Consultancy firm EY is to create 520 new jobs in a major recruitment drive that will bring its total head-count across the island of Ireland to more than 3,000.
EY is seeking to recruit 215 experienced hires and 305 graduates, with salaries for experienced hires averaging north of €65,000 a year.
The firm, which currently employs 2,500, has already increased its head-count by almost 40pc in the last two years.
Some 145 of the new roles will be based in EY’s two Dublin offices.
The remaining jobs will be spread across EY’s other five offices in Ireland, in Belfast, Cork, Limerick, Galway and Waterford.
Speaking ahead of today’s announcement, Taoiseach Leo Varadkar said the recruitment drive, in particular the hiring of 305 college-leavers, will help to copper-fasten Ireland’s reputation as a leading country for top talent and investment.
“I am delighted that EY is announcing the creation of more than 500 high-quality positions, providing opportunities in the areas such as accounting, science, engineering and technology,” said Mr Varadkar.
“We want to retain home-grown talent and also attract highly skilled workers from abroad, so the opportunity that EY provides candidates to base themselves in Ireland while gaining international experience through their global network and client base is vitally important for Ireland Inc,” he added.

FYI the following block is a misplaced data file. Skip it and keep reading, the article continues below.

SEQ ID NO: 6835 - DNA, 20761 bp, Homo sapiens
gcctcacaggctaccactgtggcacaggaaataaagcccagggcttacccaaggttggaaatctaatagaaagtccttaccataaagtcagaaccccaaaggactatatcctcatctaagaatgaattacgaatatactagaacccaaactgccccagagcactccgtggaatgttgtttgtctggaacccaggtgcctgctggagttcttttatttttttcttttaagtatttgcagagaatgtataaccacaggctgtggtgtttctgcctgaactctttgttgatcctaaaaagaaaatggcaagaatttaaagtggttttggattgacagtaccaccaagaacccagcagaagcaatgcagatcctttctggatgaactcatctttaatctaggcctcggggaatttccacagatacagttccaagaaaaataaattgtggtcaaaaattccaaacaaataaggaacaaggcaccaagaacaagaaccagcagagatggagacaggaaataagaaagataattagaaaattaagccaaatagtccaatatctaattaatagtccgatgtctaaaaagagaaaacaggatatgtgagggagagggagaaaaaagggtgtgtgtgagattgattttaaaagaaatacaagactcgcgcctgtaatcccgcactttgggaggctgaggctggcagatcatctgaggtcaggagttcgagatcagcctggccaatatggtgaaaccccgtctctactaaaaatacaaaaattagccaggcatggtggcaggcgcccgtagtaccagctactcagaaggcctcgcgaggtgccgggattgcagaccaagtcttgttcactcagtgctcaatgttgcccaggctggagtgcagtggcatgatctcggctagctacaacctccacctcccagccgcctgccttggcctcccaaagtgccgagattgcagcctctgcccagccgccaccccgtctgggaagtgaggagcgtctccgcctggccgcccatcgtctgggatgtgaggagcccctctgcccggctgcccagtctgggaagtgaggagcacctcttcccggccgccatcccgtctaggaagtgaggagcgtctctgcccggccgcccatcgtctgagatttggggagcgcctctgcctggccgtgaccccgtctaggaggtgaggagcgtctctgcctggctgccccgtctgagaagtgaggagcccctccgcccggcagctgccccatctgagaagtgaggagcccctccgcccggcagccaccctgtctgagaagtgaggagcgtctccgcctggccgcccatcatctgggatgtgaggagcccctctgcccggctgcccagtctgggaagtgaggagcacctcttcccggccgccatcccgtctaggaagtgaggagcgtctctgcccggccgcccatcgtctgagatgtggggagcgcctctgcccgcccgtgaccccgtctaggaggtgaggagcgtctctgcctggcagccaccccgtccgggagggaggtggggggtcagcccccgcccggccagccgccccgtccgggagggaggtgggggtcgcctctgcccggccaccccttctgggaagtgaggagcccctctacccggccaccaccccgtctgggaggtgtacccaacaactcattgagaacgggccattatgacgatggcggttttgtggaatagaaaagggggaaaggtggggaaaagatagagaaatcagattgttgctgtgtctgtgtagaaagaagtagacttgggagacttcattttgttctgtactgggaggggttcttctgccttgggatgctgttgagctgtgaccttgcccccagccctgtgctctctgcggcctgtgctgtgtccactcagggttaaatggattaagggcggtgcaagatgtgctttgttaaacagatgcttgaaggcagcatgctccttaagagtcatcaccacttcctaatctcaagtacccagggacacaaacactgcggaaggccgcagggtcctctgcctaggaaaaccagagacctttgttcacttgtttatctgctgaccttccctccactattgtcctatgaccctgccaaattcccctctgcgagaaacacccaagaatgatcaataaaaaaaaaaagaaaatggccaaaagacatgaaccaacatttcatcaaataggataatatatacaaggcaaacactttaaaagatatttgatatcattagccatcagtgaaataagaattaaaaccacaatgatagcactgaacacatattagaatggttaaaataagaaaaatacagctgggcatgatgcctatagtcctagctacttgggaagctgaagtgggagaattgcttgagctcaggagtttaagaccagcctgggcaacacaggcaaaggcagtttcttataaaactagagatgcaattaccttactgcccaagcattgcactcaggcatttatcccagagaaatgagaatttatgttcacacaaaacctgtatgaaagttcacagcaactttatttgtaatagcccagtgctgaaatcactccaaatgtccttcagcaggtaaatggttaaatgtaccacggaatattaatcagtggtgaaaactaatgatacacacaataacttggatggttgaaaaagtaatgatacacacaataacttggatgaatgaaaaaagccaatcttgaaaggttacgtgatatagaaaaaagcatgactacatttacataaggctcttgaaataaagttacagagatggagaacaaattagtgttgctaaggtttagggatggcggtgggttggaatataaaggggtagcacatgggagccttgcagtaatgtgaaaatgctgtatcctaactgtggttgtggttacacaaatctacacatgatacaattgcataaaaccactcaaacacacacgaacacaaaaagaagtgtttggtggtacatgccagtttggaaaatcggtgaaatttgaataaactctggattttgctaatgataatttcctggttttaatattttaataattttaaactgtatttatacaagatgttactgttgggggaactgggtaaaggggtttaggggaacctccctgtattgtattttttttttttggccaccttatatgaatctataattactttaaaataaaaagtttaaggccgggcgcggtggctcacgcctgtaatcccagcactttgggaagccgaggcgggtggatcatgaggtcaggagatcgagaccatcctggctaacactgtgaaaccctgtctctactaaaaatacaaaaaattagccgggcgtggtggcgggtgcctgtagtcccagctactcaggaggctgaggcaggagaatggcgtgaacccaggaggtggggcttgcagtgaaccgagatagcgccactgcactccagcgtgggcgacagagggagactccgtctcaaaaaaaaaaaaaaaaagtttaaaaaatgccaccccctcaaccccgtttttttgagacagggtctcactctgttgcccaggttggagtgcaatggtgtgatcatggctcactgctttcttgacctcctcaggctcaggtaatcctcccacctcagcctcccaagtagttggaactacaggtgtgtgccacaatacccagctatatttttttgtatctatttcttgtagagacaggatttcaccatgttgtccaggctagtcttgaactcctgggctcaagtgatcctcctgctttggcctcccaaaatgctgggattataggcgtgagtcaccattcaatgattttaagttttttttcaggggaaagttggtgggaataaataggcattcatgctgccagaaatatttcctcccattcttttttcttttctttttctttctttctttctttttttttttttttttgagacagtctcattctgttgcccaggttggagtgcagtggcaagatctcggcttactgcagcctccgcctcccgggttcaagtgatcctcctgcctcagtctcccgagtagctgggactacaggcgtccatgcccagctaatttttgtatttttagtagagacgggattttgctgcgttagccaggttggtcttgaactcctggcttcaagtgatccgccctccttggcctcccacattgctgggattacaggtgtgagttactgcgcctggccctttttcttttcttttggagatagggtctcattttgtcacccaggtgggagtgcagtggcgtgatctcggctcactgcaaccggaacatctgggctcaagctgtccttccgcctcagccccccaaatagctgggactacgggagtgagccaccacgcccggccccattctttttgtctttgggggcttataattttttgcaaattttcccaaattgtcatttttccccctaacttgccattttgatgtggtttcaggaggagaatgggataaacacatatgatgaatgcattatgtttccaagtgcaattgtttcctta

EY Ireland, led by recently appointed managing partner Frank O’Keeffe, says the new roles have been supported by four consecutive years of double-digit growth at the assurance, tax and accounting consultancy, which is actively targeting candidates with non- traditional tax and accounting backgrounds.
Some 60pc of EY’s offers in the last 12 months have been to candidates with non-traditional tax or accounting backgrounds as the firm expands its data analytics, IT advisory, cyber and digital offerings.
EY says the new hires will work on major projects across Ireland’s top PLCs, entrepreneurial businesses, multinationals and public sector clients.
Mr O’Keeffe, who took up the role of managing partner earlier this month, said that while geopolitical uncertainty – including Brexit, US tax reforms and the burgeoning US-China trade war – and technological disruption will undoubtedly present challenges for businesses and the Irish economy, Ireland is facing these challenges from a position of great strength and flexibility.
“As a result, our client needs are evolving and more innovative solutions are required,” said Mr O’Keeffe, who said Irish business must now scenario plan for Brexit, including a no- deal or hard Brexit.
“We are bringing together the best talent and latest technology to drive truly transformative innovation in all our services,” he added.